The Walt Disney Company is known around the world for its impressive theme parks and groundbreaking movies. But behind the castle facade and superhero fight scenes is a ton of technology that makes everything work. From the websites of Star Wars and Marvel to the theme park apps that guests make Lightning Lane reservations on, almost everything at Disney runs on a code.
Step in CODE:Rosie, a program that teaches women how to step into technology roles within the company in just six weeks. According to Disney the program, “Aims to amplify inclusion and gender diversity within technology. This program provides an opportunity for Walt Disney Company employees to explore a new career path in technology without requiring prior technical experience.”
Kelly White, one of the executive sponsors for CODE:Rosie explained that the program is really about career swiping and transitioning. “The idea is that we take talent from across our company that are in various roles, we put them through a full-time boot camp, and then at end of their training end up in brand new roles within technology,” she explains.
When CODE:Rosie launched in 2016 with software engineering, while the latest 2022 cohort is specifically focused on training product managers. “It’s again about helping that career transition happen and creating the safety net, the tools, the resources and the education to make a successful transition into a new career in a matter of weeks,” said White.
The third round of CODE:Rosie garnered hundreds of applicants and the program was only able to select 12 women to participate. Three of those participants, called Rosie’s during the program, were Mackenzie Beals (formerly a DMED events coordinator), Brooke Healey (formerly a manager in the sports brand solutions department) and Clarissa Tuyn (formerly a financial systems analyst).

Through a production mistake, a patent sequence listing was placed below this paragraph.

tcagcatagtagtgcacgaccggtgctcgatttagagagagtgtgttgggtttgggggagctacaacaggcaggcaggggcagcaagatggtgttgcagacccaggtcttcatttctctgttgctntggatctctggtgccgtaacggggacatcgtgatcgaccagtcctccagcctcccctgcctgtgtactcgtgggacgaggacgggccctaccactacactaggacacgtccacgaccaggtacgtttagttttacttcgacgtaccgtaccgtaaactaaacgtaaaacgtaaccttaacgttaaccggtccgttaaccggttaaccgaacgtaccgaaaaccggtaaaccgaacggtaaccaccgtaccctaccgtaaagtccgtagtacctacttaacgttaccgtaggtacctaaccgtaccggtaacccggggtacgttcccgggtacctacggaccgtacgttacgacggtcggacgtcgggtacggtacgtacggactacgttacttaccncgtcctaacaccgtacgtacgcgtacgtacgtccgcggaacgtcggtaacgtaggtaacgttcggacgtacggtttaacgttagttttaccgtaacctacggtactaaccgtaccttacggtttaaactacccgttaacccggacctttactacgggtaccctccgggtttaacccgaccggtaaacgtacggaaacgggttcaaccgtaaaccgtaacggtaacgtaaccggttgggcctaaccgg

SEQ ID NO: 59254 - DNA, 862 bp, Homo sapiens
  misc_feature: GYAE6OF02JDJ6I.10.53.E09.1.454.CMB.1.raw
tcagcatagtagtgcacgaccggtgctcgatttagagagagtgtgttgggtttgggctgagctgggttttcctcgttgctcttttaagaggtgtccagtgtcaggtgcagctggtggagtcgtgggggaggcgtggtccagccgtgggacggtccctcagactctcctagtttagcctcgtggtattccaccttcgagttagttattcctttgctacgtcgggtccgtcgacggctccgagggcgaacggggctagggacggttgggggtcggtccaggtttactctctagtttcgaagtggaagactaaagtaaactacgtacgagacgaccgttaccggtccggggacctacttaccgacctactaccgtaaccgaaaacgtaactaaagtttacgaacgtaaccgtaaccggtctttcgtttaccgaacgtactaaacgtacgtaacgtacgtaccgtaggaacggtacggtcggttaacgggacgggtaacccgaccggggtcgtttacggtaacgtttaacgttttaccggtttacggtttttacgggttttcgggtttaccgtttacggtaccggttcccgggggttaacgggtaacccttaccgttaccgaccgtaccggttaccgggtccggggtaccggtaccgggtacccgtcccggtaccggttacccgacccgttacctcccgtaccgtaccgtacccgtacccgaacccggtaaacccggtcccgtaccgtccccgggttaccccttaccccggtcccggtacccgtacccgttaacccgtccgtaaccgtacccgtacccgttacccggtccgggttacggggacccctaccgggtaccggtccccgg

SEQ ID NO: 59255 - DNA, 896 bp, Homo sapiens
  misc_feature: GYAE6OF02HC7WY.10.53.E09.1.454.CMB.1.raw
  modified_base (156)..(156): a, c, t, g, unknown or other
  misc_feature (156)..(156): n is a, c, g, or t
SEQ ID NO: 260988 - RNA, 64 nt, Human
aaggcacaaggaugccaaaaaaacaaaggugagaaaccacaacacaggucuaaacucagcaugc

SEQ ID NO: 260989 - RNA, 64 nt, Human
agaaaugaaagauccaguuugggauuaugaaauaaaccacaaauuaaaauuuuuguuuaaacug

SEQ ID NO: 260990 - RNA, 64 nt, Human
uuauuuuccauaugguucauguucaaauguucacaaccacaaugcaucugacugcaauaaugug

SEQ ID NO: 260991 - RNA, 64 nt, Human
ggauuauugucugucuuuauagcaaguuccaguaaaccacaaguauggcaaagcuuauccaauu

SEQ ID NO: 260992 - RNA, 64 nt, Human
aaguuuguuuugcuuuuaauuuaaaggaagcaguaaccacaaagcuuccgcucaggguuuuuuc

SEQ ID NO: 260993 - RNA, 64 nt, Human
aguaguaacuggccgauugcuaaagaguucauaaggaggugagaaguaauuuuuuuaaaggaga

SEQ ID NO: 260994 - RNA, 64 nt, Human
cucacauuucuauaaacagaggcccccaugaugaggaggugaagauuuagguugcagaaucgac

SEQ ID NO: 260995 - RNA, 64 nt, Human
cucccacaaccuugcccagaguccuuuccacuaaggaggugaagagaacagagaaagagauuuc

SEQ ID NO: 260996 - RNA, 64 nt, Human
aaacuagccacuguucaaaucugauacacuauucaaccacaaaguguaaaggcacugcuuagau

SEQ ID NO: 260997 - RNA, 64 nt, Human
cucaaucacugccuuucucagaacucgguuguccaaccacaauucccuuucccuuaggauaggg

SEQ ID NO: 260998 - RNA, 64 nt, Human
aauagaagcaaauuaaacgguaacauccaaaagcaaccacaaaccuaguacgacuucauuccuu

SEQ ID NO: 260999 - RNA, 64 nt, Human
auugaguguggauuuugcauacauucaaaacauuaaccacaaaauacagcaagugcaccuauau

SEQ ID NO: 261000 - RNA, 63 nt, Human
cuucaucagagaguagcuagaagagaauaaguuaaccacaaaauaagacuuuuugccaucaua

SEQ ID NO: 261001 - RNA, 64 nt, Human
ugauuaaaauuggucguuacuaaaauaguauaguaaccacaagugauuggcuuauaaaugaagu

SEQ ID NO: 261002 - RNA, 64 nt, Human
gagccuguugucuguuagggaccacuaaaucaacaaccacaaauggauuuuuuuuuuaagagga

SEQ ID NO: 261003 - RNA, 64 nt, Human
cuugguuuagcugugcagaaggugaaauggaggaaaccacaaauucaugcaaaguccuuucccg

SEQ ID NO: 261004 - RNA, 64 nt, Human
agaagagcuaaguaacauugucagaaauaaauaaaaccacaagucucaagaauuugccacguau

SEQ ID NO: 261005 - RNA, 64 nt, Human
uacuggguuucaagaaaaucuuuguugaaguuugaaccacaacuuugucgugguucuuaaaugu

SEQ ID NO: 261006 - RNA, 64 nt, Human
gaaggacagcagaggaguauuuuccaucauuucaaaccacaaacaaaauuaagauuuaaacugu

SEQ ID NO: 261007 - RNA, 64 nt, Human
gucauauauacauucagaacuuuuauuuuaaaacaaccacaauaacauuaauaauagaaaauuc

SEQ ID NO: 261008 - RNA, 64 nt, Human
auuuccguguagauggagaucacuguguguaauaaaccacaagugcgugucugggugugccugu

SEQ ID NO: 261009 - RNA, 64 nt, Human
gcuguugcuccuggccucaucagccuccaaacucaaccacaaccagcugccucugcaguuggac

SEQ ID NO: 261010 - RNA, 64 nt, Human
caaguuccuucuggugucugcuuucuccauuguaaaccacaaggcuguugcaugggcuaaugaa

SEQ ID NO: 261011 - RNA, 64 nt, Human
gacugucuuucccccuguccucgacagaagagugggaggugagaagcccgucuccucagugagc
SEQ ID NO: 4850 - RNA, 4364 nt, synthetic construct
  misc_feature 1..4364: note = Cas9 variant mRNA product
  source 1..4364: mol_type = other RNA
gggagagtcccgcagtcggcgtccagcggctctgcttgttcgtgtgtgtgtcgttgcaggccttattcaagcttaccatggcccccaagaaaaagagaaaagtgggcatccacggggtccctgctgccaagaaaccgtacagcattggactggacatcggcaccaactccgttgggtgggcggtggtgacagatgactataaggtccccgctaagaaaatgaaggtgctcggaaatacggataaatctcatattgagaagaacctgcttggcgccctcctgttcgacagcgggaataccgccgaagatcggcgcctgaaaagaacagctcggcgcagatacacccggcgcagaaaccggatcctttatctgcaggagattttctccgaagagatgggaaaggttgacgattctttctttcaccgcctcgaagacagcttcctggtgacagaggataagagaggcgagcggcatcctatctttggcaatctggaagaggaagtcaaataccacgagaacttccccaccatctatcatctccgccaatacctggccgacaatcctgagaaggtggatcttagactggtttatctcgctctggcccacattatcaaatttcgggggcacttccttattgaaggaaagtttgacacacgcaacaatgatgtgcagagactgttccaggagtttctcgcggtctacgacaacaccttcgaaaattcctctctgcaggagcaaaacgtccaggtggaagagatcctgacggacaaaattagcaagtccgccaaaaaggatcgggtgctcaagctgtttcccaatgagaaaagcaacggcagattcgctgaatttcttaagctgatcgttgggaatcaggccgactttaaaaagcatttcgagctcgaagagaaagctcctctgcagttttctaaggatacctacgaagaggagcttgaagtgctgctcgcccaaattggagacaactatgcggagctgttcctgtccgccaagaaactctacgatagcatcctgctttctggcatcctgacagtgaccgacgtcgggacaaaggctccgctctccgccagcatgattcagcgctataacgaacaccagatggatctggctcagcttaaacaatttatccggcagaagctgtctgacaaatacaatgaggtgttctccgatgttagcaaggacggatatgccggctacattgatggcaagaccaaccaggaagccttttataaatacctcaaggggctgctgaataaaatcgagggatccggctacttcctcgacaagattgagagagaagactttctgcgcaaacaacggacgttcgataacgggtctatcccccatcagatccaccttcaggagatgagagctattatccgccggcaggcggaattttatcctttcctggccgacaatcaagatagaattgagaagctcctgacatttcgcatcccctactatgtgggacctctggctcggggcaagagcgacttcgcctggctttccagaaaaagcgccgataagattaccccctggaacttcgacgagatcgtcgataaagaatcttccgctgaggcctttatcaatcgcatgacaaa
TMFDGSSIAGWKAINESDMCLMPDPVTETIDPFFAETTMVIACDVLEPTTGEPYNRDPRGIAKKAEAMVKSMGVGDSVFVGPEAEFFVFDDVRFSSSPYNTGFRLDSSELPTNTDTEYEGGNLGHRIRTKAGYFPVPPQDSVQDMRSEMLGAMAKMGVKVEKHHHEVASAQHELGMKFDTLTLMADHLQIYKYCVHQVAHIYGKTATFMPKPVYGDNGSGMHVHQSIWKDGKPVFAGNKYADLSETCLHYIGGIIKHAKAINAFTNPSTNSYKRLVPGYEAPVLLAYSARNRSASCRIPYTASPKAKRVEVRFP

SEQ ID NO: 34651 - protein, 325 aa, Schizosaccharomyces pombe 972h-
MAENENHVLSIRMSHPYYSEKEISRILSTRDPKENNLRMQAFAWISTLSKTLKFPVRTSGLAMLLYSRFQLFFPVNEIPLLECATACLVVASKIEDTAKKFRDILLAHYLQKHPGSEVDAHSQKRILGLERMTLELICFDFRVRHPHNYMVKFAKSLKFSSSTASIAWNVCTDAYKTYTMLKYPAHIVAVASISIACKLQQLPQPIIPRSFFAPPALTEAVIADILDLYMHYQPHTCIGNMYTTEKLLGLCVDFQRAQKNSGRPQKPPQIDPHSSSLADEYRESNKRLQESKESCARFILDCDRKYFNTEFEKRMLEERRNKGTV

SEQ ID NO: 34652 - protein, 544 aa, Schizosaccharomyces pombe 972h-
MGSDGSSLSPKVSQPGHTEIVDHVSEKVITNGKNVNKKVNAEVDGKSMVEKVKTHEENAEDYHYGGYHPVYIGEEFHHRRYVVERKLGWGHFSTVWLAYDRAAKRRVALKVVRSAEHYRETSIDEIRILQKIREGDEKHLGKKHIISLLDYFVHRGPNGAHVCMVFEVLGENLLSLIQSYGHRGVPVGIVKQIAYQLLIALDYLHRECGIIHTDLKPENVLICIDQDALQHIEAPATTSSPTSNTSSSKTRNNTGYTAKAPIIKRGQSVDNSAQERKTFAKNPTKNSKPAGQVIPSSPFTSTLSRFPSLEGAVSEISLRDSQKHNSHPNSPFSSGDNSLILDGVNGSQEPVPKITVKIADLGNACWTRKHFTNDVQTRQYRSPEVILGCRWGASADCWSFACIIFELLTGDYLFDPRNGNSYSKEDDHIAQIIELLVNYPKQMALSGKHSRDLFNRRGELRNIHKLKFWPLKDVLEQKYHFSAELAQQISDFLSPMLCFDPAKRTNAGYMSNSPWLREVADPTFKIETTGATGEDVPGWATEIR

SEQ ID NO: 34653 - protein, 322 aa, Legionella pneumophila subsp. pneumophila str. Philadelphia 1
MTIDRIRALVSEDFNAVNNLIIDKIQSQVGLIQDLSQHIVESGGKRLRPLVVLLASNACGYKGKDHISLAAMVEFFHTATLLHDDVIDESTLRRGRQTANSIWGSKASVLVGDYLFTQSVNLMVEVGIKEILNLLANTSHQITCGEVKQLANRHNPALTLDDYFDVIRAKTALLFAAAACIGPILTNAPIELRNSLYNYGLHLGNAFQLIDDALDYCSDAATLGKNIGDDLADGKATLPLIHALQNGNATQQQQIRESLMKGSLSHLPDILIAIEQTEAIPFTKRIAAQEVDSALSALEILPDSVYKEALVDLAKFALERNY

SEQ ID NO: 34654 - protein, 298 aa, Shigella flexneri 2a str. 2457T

All three participants learned about the program from Disney’s employee-only website, and began to look into CODE:Rosie more seriously. Disney hosted a few information sessions where potential applicants could learn more about the program and what all it entails. “It was so exciting to imagine that Disney had such a cool program like this offered,” said Tuyn.
The product manager technology classes were all taught through General Assembly, which is a coding boot camp for those interested in technology jobs. “I think that the training and the curriculum and the real-life experience that they’ve brought to the program has been extremely impactful,” said Beals. “And I’m excited to take my learnings into our new roles starting in a couple of weeks,” she continued.
During the program Disney partners each Rosie with mentors who are able to guide them during the six weeks and continue to pour into them as they begin new roles. While the new jobs within the Walt Disney Company are exciting, learning from and about other women across the company has been equally as rewarding for the participants.
“Just having the chance to meet these women and learn about their experiences and think about all the different skill sets that they bring to the table, that maybe they’re stronger than I am. We all have different experiences to share and this really broadened my knowledge base and made me think differently and pushed me in ways that I hadn’t even considered before,” explained Healey.
When each cohort begins there’s always renewed enthusiasm and interest according to White. Different teams from around the company have reached out to White asking to sponsor a cohort and have Rosie’s on their respective teams. In the future, the hope is to do international cohorts and do specialized programs within the international offices.
“This program is all about action. This is all about what can we do today to impact what our teams look like and how do we think about moving forward and moving the needle in a very action-oriented, impactful way that gets us results,” said White.